Monday, March 14, 2016

Was St. Patrick Italian?

Annamaria on Monday

My birthday on St. Patrick's Day is fast approaching. I say this not to elicit well-wishes (though I always enjoy receiving them), but to muse on the experience of having been born on a day famous for another reason.

Being of Italian descent, I was on track, as baby girls of my persuasion usually were, to be named after one of my grandmothers.  So I would likely have been called Sabina Maria or Concetta after my maternal and paternal grandmoms. But when I debuted on March 17th, my parents chose Patricia for me.*

* (An aside: Annamaria Alfieri is a pen name.  More about that next week.)

Having Saint Paddy’s Day as a birthday has a lot of advantages. For one, people don’t forget. When shamrocks show up on supermarket windows and on mirrors behind bars in drinking holes, my friends and family all know my birthday is coming. Also, my day has a color. Green has been my favorite all my life. Luckily it suits me. And these days calling any product or process green is a huge compliment. Best of all, everyone celebrates. What other birthday but the 4th of July comes with a parade? When I was four years old, my uncle told me the march on Fifth Avenue was in my honor.  On Thursday, midtown New York will fill up with revelers, giving my natal day a special jubilatory flair.

The only drawback for me has been that some Irish people have considered it a travesty that a Sicilian-Neapolitan-American should have chosen “their” day to be born. They think only people like my friend and fellow St. Patrick’s Day birthday holder Terrence Patrick O’Brien deserve to be born on March 17th. In the Catholic school cultural rivalries of my youth, I had to withstand a great deal of resentment—some of it not so benign. My brother Andy and my friend Danny Gubitosa leapt to my defense in a play-yard altercation one March 17th by claiming that St. Patrick was Italian—an assertion that only further enraged my detractors.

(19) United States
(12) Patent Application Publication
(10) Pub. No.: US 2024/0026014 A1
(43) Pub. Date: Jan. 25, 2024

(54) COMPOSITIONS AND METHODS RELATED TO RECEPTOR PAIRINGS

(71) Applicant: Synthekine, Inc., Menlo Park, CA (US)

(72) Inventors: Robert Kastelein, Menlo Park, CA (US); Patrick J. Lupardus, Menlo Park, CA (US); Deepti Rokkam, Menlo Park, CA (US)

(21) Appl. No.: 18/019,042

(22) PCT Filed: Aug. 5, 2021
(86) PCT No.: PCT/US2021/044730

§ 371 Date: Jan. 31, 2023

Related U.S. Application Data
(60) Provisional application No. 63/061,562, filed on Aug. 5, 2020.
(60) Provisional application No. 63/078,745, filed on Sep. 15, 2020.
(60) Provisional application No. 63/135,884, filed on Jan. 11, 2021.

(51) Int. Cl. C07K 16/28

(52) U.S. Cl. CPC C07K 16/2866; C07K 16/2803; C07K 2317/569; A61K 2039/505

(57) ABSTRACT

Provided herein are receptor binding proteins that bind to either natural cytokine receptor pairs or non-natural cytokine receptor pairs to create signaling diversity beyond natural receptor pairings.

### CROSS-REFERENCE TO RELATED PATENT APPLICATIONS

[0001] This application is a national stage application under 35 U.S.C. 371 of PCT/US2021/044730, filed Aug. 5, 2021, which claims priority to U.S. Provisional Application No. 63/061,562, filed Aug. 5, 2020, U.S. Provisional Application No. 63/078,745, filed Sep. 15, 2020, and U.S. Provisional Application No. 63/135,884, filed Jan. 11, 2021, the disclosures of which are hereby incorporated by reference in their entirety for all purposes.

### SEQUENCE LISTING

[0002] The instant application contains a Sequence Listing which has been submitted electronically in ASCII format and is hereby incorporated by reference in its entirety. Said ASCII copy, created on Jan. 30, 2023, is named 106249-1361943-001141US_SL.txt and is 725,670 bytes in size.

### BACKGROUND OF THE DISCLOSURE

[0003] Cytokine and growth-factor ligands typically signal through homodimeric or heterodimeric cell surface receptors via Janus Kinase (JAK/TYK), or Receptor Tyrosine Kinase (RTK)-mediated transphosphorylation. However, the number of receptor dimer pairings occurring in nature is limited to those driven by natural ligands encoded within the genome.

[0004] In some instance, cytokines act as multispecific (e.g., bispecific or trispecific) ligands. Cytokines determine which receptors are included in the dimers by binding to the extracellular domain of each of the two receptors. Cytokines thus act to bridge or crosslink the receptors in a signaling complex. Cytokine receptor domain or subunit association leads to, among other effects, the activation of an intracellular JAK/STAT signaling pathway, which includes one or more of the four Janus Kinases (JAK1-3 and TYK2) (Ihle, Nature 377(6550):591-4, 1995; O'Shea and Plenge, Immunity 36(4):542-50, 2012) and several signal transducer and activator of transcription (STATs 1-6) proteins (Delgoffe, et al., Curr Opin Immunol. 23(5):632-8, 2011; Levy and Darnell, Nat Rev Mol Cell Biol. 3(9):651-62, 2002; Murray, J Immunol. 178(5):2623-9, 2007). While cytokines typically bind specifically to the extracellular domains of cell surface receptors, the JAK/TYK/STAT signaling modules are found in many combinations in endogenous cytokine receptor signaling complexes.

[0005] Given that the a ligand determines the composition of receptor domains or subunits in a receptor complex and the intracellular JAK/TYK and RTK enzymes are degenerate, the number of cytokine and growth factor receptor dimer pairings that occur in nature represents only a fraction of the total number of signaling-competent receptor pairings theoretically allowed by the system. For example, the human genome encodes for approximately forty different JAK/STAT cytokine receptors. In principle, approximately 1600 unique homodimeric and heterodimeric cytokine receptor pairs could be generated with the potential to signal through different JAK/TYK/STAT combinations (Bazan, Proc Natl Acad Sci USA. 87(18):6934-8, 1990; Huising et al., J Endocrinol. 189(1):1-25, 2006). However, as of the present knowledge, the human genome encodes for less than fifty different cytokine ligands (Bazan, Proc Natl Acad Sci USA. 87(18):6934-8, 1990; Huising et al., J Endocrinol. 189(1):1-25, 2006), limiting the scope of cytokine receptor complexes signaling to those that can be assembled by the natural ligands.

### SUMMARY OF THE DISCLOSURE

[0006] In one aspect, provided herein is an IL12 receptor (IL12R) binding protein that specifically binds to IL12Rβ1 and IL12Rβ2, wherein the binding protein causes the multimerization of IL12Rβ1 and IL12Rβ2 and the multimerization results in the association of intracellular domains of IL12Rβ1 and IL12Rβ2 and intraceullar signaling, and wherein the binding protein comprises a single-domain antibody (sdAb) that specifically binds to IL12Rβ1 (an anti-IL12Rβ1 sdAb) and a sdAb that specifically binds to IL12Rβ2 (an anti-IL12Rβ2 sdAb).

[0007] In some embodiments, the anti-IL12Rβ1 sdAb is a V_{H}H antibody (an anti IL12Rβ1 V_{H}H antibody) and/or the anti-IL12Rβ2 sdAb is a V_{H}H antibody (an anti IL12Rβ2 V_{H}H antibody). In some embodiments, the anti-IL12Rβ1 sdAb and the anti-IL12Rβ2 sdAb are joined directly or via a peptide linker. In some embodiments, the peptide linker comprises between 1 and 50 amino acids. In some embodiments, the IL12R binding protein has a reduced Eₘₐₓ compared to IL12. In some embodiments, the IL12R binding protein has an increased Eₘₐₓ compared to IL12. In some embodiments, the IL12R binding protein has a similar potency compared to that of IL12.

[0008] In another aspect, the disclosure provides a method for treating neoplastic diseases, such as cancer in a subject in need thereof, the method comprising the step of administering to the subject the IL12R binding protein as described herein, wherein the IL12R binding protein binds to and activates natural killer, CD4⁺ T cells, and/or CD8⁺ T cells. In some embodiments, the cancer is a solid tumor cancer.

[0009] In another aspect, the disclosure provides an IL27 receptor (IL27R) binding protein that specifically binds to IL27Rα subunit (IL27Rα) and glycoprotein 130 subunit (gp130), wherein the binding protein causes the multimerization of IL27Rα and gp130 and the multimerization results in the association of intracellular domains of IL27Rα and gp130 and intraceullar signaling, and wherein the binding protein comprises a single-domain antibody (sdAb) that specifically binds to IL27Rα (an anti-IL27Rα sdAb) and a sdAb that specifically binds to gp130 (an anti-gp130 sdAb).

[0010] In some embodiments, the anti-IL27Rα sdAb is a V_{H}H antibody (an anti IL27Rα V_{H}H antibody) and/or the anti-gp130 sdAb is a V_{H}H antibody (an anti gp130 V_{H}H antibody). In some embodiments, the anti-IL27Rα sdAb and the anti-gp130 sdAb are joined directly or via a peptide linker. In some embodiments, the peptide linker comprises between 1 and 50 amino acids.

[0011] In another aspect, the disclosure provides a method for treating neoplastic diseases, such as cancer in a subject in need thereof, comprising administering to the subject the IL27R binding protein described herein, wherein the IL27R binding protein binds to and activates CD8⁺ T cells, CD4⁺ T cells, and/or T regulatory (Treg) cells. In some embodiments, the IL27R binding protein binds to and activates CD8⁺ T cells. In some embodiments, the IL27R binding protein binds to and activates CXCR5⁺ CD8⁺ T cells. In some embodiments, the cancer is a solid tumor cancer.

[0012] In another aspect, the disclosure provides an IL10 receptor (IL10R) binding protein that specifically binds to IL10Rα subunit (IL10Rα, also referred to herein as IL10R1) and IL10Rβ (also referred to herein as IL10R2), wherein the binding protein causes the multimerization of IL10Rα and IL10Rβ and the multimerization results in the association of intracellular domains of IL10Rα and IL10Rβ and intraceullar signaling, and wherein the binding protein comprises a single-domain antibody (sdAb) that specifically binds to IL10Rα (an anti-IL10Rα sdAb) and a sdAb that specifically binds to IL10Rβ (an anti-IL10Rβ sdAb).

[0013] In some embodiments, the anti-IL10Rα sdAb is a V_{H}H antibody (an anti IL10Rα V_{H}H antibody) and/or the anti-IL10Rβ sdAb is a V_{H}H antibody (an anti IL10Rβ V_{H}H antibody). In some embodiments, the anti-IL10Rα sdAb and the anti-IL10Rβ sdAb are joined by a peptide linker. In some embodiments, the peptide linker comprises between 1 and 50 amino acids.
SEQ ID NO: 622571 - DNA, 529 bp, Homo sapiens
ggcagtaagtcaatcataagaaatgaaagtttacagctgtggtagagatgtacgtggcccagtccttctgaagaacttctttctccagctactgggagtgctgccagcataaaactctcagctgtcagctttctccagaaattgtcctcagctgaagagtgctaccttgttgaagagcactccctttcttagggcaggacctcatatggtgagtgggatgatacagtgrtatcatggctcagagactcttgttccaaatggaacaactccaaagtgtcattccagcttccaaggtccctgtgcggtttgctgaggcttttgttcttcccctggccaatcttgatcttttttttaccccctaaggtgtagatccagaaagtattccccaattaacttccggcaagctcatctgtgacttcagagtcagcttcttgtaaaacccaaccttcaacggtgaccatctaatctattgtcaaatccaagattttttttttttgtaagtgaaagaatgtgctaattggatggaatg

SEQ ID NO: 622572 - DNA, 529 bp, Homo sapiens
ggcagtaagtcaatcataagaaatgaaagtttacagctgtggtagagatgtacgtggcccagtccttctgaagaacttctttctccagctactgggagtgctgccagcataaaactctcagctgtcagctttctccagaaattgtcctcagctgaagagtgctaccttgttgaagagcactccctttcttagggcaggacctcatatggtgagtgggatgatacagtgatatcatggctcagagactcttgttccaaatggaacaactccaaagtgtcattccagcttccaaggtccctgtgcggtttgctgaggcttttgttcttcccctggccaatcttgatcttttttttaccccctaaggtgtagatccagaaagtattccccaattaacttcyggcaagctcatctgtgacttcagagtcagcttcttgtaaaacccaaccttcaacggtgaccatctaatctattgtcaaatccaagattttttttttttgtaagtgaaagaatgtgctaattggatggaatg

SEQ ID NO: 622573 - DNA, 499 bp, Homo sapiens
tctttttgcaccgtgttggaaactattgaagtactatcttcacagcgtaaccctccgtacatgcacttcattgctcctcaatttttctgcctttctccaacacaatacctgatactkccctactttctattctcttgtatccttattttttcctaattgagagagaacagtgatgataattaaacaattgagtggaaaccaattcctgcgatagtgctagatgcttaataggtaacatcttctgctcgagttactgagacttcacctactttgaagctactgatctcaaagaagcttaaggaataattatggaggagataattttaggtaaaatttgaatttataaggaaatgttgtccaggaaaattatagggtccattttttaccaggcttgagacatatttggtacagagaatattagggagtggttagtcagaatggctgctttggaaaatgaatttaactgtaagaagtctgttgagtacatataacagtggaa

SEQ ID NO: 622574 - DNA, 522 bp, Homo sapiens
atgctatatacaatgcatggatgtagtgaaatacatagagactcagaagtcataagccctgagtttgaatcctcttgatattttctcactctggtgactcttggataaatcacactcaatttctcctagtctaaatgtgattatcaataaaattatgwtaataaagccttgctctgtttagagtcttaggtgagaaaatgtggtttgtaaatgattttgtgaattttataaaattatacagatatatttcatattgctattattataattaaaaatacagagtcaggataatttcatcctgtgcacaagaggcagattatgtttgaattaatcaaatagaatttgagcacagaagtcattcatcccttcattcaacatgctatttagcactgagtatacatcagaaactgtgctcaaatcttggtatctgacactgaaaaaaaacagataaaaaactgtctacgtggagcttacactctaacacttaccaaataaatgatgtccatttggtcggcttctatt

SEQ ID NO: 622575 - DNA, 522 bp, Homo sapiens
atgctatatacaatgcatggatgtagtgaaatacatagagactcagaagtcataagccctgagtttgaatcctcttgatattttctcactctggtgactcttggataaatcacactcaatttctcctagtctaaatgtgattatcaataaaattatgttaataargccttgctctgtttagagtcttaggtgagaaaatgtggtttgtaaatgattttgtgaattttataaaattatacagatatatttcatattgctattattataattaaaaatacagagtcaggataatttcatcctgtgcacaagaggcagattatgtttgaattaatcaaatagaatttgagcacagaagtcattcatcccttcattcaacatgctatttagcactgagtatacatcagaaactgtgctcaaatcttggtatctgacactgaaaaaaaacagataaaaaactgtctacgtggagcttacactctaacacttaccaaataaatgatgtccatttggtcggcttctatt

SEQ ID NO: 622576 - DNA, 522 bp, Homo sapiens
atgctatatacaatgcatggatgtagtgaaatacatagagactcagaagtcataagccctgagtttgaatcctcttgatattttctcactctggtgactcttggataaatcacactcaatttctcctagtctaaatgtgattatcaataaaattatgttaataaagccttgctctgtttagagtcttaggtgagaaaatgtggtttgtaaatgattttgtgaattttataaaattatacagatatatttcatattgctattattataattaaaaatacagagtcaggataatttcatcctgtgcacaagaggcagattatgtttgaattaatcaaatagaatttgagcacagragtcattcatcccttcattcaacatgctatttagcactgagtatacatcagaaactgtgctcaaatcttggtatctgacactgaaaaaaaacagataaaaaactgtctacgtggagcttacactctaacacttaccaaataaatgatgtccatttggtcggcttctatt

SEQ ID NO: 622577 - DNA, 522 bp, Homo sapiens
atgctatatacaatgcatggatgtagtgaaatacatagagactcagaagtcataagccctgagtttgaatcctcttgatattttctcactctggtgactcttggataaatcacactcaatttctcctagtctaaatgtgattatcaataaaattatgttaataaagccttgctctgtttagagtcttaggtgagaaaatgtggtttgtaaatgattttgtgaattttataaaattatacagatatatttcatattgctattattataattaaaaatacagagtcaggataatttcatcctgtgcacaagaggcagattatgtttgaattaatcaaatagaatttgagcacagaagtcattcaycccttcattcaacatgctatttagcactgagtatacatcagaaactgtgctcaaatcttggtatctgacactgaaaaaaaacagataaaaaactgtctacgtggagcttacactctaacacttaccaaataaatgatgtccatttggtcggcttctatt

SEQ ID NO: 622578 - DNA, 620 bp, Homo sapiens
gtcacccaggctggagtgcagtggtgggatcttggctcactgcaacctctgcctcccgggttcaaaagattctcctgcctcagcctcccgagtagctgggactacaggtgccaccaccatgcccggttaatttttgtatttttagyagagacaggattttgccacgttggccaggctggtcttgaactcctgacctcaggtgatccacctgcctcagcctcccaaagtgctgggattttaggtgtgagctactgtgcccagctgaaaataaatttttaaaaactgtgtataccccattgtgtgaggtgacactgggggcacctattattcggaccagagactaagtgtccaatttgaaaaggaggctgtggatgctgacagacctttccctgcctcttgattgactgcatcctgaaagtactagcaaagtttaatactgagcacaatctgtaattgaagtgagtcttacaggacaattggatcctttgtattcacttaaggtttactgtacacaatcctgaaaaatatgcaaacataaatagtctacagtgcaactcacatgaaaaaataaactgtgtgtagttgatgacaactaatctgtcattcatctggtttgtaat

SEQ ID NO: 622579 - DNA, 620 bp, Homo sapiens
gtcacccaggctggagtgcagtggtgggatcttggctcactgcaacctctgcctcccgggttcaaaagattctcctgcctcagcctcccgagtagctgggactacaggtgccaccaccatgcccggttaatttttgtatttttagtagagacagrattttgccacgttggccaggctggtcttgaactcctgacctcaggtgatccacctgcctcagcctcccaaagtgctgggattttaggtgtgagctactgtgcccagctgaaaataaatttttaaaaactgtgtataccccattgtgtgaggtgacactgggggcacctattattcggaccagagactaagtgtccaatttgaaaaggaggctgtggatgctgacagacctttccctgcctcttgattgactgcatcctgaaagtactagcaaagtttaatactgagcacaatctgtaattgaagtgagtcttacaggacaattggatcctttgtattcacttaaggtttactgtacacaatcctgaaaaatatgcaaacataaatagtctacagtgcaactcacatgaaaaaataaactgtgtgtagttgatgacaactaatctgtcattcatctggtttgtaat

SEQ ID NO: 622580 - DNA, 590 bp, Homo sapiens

According to Wikipedia though, Danny and Andy were right, in a manner of speaking. Paddy was a Romano-Britain, and though the historical details of his life are sketchy, substantiated evidence reveals that as a 16 year old, he was abducted from Britain by Irish raiders and dragged off to Ireland to be a slave—not a very auspicious beginning for a relationship between Saint and faithful fated to endure for millennia. Patrick made it back home, and once ordained as a priest, he returned to Ireland as a missionary and prelate. The Irish still invoke him against snakes and witches.

Coat of Arms, Murcia
Why the following is true I leave you to ponder, but evidently St. Patrick’s Day is celebrated not only in Ireland and the Roman Catholic Archdioceses of New York and of Boston, but also in Nigeria, Montserrat, Loiza, a small town on the north coast of Puerto Rico, and Murcia, the capital of an Autonomous Community founded by Moors in the southeast of Spain.

This year's birthday is a significant number for me.  Here is a picture from my last such birthday.  The women with me are life-long friends.  At the party, the friends and family around me added up to 384 years of friendship.  My mother always said I was born on a lucky day.  Lots of things about my life have borne that out:  Long and dear friendships being the most precious of my blessings.


  1. 384 years of friendship is a good number from a programmer's point of view, too. It's 256 + 128 = 2^8 + 2^7.

    Now don't you feel even better?

    (Jump in any time, Jeff...)

    1. It seems that, from your formula, my powers are diminishing. Can we recast it as 128+256=2^7+2^8. I prefer to think of myself as good wine, getting better with passage of time. That is also true of some cheeses. But you will have to ask Jeff about that.

  2. Yes, the commutative law of addition allows you to get better with time (as I'm sure you are). As for cheesy subjects, I always defer to Jeff, of course.

  3. I leave you two alone for a couple of days and you turn into programing geeks, with a penchant for cheese whizzing each other.

    Happy Birthday, sis, and yes, they do celebrate your birthday in of the few days of the year when black & gold are not the color of the day.

  4. Happy Birthday (a day early) my dear friend!! I love that you're Patricia because of your birthday (a thing I never knew before!) and now I love that I can REMEMBER your birthday too!

  5. Happy Birthday to you and on to more years of good health, books, travel, food, wine and fun - and, of course, blogging.

    Interesting our family histories: My Irish great-grandmother's name was Sabina, too. I was not named after her but my middle name is Ellen, in tribute to my Russian/Jewish great-grandmother, Elke, who came here in 1913.